Police investigating after Kansas woman’s ashes found in Olathe park


OLATHE, Kan. — Police in one Johnson County city have a mystery on their hands.

An urn holding the cremated remains of a woman were discovered at Lake Olathe Park, and the woman had no ties to Olathe or Johnson County whatsoever.

Records found inside the urn showed 97-year-old Eunice Sneidmiller was a native of Russell, Kansas, and she died in 2005.

A routine stroll through the park resulted in that unique discovery.

Kevin Halfmann, who lives near the park, spotted the shiny box, which turned out to be a receptacle for cremation ashes, in late February.

Police said their investigation showed Sneidmiller, who was of German descent, but had emigrated to the United States from Russia, was supposed to be interred beside her husband at their gravesite in Russell County.

A police spokesperson said Sneidmiller had no family living in Olathe, and they’re unsure how her remains got there.

“I think we all scratched our heads,” Halfmann said. “It was odd as heck. You start trying to put the story together in your head. How did this happen? Who would have left it here?”

Olathe Police Sgt. Joel Yeldell said police learned Eunice had been cremated in California. Sneidmiller still has a nephew living there, but he’s uncertain why his aunt’s ashes weren’t handled properly.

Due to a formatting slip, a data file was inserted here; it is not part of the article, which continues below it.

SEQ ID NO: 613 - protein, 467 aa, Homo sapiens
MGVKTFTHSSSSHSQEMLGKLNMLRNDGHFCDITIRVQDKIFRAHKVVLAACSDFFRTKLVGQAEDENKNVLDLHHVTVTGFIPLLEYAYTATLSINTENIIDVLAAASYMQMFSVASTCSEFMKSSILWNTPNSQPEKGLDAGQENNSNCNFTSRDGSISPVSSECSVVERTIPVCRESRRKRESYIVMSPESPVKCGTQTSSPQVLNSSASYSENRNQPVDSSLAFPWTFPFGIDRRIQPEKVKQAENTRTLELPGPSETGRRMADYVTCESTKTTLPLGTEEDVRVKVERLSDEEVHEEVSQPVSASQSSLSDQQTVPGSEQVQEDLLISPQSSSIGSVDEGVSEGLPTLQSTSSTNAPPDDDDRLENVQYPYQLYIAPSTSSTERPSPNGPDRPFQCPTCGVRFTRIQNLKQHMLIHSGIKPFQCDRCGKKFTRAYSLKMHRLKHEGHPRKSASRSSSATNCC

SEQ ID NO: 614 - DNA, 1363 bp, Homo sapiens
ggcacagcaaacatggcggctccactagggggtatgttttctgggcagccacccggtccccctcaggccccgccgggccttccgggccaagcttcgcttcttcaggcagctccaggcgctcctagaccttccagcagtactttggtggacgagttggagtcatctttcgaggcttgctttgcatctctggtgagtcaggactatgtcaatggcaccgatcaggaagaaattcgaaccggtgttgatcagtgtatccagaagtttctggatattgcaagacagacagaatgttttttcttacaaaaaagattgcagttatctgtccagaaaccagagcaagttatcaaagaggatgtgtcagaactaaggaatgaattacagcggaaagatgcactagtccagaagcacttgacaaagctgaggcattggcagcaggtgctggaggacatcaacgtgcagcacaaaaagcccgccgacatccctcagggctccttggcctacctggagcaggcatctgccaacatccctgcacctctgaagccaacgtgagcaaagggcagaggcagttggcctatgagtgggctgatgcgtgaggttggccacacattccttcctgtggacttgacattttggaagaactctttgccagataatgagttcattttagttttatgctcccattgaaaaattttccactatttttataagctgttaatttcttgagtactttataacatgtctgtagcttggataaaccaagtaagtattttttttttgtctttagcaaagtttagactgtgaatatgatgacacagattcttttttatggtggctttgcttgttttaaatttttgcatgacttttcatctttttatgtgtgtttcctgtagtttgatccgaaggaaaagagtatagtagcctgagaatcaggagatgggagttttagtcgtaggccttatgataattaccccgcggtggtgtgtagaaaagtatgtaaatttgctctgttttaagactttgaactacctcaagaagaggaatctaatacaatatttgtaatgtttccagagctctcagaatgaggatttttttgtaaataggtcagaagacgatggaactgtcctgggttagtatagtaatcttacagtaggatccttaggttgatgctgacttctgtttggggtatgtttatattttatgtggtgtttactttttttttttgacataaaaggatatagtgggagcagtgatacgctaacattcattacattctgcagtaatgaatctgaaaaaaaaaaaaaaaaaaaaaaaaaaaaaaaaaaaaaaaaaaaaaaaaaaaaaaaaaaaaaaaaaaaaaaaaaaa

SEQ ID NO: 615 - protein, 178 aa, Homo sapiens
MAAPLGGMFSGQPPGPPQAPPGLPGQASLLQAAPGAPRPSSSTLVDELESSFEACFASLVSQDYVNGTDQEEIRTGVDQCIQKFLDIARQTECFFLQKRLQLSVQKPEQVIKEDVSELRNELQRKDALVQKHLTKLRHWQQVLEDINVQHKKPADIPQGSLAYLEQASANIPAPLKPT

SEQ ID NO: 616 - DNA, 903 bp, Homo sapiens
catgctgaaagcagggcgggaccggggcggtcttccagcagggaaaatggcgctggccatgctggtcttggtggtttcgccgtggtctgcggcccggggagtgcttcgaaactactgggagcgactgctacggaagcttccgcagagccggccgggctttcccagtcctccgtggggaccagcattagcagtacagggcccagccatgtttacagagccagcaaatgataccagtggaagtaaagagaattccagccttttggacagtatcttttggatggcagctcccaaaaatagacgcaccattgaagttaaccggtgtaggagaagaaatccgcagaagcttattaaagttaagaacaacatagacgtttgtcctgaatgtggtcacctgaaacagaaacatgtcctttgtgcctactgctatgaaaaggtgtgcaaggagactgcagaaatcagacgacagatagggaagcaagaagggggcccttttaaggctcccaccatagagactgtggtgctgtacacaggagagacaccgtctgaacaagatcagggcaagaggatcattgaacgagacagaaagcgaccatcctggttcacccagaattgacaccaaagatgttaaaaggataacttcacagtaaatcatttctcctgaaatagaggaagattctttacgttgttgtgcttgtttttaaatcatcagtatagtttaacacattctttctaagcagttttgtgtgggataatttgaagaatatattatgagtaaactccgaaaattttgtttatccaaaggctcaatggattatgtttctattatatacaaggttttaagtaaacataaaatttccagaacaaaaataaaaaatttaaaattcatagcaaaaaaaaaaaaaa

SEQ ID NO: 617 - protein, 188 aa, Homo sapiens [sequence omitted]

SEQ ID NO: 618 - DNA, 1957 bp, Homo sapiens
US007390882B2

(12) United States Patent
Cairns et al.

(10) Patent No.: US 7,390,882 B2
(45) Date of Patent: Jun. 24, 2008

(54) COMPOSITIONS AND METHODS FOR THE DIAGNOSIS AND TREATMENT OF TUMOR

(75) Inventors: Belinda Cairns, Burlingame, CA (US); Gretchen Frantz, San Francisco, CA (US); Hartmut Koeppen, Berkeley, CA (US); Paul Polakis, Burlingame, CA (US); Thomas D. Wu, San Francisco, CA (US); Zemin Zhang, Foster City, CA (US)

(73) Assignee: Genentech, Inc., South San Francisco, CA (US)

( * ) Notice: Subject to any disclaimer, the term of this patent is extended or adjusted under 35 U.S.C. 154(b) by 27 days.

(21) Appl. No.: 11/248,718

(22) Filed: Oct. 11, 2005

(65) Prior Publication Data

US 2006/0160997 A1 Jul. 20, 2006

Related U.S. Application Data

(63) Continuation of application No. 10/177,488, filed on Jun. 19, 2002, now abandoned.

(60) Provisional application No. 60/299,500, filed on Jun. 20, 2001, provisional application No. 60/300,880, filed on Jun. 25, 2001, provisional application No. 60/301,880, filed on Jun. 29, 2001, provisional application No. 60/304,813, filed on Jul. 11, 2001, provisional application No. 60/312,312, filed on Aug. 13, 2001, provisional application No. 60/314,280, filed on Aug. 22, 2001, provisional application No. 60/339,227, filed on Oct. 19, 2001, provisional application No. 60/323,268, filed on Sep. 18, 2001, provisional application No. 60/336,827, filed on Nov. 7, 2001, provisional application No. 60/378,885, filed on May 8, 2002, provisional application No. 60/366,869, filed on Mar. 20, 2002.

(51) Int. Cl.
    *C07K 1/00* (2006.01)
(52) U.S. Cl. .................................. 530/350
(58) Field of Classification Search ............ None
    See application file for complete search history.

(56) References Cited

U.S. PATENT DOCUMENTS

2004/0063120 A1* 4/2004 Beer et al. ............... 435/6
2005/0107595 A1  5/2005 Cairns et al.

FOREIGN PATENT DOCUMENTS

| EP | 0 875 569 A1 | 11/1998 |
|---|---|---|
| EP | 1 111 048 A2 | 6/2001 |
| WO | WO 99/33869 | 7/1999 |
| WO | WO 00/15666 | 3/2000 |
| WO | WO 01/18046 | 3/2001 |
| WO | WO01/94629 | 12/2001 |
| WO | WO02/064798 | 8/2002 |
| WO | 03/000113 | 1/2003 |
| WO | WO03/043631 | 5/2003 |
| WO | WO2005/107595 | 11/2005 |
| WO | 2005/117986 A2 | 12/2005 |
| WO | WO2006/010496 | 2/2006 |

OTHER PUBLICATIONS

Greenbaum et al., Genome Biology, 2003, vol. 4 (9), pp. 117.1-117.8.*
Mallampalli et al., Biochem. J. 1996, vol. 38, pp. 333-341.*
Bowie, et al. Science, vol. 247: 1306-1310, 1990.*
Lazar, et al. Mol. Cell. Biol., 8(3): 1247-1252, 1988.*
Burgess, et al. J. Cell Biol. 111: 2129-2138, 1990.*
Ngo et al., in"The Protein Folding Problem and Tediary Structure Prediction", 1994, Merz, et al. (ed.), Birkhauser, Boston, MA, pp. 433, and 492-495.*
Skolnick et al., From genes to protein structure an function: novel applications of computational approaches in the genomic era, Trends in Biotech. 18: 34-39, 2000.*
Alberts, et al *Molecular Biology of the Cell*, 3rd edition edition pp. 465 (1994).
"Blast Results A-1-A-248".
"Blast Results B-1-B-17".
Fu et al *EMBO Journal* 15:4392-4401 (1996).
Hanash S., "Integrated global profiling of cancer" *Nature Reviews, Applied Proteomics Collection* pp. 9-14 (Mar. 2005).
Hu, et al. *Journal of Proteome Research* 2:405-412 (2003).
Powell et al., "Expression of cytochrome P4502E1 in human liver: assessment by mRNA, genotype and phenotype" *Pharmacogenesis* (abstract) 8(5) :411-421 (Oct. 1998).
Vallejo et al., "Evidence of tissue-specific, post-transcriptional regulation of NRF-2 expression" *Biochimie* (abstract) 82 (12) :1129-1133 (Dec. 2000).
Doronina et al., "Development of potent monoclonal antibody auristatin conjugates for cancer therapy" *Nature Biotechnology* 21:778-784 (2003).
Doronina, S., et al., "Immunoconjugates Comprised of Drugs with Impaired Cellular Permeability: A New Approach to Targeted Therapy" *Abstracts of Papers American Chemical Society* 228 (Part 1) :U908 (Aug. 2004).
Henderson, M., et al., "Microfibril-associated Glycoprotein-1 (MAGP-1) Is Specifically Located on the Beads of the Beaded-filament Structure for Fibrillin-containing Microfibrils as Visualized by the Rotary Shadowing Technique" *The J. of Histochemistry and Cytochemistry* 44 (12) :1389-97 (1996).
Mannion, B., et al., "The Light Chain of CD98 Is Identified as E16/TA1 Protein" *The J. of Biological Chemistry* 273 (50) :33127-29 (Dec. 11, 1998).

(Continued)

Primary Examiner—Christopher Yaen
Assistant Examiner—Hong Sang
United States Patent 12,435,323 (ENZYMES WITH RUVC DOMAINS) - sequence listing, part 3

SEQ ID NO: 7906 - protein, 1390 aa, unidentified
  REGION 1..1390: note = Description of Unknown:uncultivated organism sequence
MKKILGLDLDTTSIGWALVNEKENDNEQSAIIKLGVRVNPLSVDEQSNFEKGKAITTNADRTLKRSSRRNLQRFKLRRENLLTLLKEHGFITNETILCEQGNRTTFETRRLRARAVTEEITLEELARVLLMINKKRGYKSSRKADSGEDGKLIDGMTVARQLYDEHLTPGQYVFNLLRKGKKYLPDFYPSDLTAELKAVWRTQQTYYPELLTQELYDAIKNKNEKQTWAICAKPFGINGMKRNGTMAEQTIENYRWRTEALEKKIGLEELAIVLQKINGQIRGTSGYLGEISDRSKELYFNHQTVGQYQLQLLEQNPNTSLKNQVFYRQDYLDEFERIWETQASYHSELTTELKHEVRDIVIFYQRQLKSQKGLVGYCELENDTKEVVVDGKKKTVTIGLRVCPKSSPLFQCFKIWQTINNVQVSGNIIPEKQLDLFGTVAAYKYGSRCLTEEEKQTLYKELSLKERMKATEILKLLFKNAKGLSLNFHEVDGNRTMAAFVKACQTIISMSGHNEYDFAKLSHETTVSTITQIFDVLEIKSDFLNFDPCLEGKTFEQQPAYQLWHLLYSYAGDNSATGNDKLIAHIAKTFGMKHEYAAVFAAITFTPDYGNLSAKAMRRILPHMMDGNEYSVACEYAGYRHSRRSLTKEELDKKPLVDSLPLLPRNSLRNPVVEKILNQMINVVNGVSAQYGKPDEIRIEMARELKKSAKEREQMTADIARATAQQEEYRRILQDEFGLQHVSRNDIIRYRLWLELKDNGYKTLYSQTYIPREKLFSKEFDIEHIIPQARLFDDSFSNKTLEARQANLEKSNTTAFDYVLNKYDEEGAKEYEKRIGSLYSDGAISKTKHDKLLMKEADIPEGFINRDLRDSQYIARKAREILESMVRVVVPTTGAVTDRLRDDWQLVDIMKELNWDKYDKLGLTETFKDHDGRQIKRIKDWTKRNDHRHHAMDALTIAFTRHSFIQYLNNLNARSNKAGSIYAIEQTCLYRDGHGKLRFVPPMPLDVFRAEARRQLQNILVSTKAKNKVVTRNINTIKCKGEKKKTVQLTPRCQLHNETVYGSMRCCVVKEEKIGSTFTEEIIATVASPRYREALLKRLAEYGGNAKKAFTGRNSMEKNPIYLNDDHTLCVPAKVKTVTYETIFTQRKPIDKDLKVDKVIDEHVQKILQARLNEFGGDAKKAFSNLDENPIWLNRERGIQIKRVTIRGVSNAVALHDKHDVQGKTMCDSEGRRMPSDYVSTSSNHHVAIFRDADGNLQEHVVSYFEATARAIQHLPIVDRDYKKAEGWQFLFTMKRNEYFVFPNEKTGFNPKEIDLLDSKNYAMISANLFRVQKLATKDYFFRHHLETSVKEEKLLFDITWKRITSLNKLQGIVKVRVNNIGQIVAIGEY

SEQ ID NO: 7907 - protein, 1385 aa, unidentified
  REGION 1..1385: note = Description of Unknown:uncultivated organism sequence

John Sneidmiller, 88, is believed to be Eunice’s last remaining relative.

“The right person found Eunice’s urn,” Yeldell said. “At this point, we’re interested in knowing the story and completing the puzzle on how she made it here to Olathe.”

“I was really surprised to hear the ashes didn’t get where they were supposed to have gone,” John Sneidmiller said. “I couldn’t believe they ended up on the other side of Kansas instead of being in Russell, Kansas. It was amazing to me.”

Next Thursday, a contingent of Olathe Police officers will transport Euince Sneidmiller’s ashes home for good. Yeldell said he’ll also make the 3-and-a-half hour trip and conduct a small graveside memorial service for Eunice.

“We’re looking forward to closing this story, and the appropriate ending for Eunice. Hopefully, it’s a good ending,” Yeldell said.

“To me, it’s kind of poetic that you get put to rest someplace. That’s the way it’s supposed to be. God rest her soul,” Halfmann said.

Yeldell said to his knowledge, no laws were broken by whomever abandoned Sneidmiller’s ashes.

Funding for the trip to Russell will come from a special fund Olathe Police have for unforeseen community needs.

FOX4 reached out to the Neptune Society, the cremation service that handled Sneidmiller’s arrangements, but their managers in Kansas City didn’t know why Eunice was never properly interred.

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